The new version also addresses several issues related to the dissemination of health research information, including registration of trials in publicly accessible databases and publication of negative, inconclusive, and positive results. The nonpublication of research with inconclusive or negative findings is concerning and must be discouraged by all who sanction research. The scientific enterprise must acknowledge openly that science improves through failures and successes.
Informed consent is one of the hallmarks of ethical research and ensures that individuals can make decisions that are in their best interests. The new version of the declaration acknowledges that in some cases, such as in close-knit societies, informed consent needs to involve others such as community leaders and significant others. Community leaders can serve as additional layers of protection that researchers need to pass through before they reach the potential participants. By addressing this reality, the new version is emphasizing respect for culture and community norms as part of the research process.
With respect to individual participants in research, several studies have illustrated that individuals often agree to participate in clinical trials without full knowledge or understanding of the studies.5 The new version of the declaration encourages researchers to explain their studies using innovative ways, such as video and vignettes. The declaration also encourages that researchers need to assess understanding of the research interventions and purpose by potential research participants before engaging those individuals in their studies.
The issue of providing feedback to research participants after termination of study activities is part of respecting individuals who participate in research and also is part of demystifying research. Failure to provide feedback contributes to research fatigue in communities and perhaps lack of trust in research in other communities. The new version encourages researchers to plan for provision of feedback to participants and their communities.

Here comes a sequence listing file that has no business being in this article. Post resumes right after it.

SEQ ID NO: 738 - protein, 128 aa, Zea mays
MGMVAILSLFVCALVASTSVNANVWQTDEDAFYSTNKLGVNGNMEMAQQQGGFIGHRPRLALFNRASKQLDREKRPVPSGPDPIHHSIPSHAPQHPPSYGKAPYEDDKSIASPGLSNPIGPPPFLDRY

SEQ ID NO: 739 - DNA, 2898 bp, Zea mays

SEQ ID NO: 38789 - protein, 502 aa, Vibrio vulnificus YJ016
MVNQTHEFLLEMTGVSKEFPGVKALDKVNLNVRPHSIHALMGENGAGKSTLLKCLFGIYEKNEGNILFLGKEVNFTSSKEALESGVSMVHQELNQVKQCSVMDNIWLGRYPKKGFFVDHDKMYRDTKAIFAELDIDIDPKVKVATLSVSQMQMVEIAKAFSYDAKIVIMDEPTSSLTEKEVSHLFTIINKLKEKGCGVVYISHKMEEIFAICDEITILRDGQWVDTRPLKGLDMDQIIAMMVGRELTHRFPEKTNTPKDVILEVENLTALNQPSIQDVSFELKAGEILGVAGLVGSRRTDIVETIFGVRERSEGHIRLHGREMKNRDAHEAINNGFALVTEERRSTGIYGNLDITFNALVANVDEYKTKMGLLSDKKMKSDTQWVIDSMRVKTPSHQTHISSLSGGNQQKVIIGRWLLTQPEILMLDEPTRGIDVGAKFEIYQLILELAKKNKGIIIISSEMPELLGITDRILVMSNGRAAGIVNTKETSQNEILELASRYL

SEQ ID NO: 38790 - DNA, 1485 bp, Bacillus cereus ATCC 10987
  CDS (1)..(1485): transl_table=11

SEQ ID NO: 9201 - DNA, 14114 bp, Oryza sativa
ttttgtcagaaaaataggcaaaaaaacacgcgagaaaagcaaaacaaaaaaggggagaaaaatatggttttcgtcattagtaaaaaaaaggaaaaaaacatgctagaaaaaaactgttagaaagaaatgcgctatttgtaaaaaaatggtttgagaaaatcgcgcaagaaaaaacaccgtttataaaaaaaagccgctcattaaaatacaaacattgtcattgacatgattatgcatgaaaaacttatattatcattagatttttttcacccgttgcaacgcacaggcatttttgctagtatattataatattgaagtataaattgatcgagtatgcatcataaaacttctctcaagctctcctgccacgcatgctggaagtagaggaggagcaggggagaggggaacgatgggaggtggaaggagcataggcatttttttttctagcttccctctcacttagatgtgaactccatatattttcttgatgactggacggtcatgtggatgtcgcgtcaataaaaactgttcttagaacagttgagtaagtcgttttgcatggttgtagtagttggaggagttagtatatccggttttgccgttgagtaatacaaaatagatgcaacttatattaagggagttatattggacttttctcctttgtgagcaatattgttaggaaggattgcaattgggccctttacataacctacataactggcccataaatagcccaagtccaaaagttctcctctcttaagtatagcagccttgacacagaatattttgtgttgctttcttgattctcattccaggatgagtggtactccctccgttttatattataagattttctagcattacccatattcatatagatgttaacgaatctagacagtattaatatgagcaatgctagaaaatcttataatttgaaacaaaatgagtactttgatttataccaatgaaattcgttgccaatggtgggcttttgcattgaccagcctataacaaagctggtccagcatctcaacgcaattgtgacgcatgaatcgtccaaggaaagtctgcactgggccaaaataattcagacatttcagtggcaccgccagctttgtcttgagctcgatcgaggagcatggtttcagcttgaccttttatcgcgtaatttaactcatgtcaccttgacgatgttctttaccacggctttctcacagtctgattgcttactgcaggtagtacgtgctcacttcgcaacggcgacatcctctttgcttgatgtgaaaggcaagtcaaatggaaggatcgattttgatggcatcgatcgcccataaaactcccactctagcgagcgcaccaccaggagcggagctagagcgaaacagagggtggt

Research ethics committees are recognized as an important part of research oversight systems. The new version of the declaration addresses many points that are of relevance to these committees. Paragraph 23 clearly articulates that all research protocols have to be reviewed by a well-constituted and competent committee before studies begin. Paragraph 23 further emphasizes that ethics committees should be transparent and should follow standards, policies, and national laws in performing their functions. This is consistent with the standards for research committees that were issued by the World Health Organization in 2011.6 Paragraph 23 is also clear on the need for research ethics committees to monitor ongoing research. The Declaration of Helsinki is an international document that influences how research is conducted in all countries. By stating expectations for ethics committees, it is hoped that these committees will be further strengthened.
Recent years have seen increased international debate about the ethics of conducting medical research in developing countries. From a limited-resource setting perspective, the Council for International Organizations of Medical Sciences (CIOMS) guidelines7 were viewed more favorably than those of the Declaration of Helsinki because the CIOMS addresses issues of relevance to resource-limited settings. The new version of the Declaration of Helsinki has addressed many of the important issues relevant to conducting research in developing countries, such as the need to include underrepresented groups in research, the importance of effective research ethics committees, posttrial access to care, use of unproven interventions, and improving informed consent. By addressing these issues, the declaration has recognized the role of limited-resource settings in generating research data. The influence of the declaration in serving as an important international document for stakeholders in limited-resource settings should increase. For research ethics committees, funders, and participants in research, this version of the Declaration of Helsinki should be empowering given its emphasis on issues of justice.
Corresponding Author: Paul Ndebele, PhD, Medical Research Council of Zimbabwe, Cnr J. Tongogara/Mazowe St, PO Box CY573, Causeway, Harare, Zimbabwe (email@example.com).
Published Online: October 19, 2013. doi:10.1001/jama.2013.281316.
Conflict of Interest Disclosures: The author has completed and submitted the ICMJE Form for Disclosure of Potential Conflicts of Interest and none were reported.
Ndebele P. The Declaration of Helsinki, 50 Years Later. JAMA. 2013;310(20):2145–2146. doi:10.1001/jama.2013.281316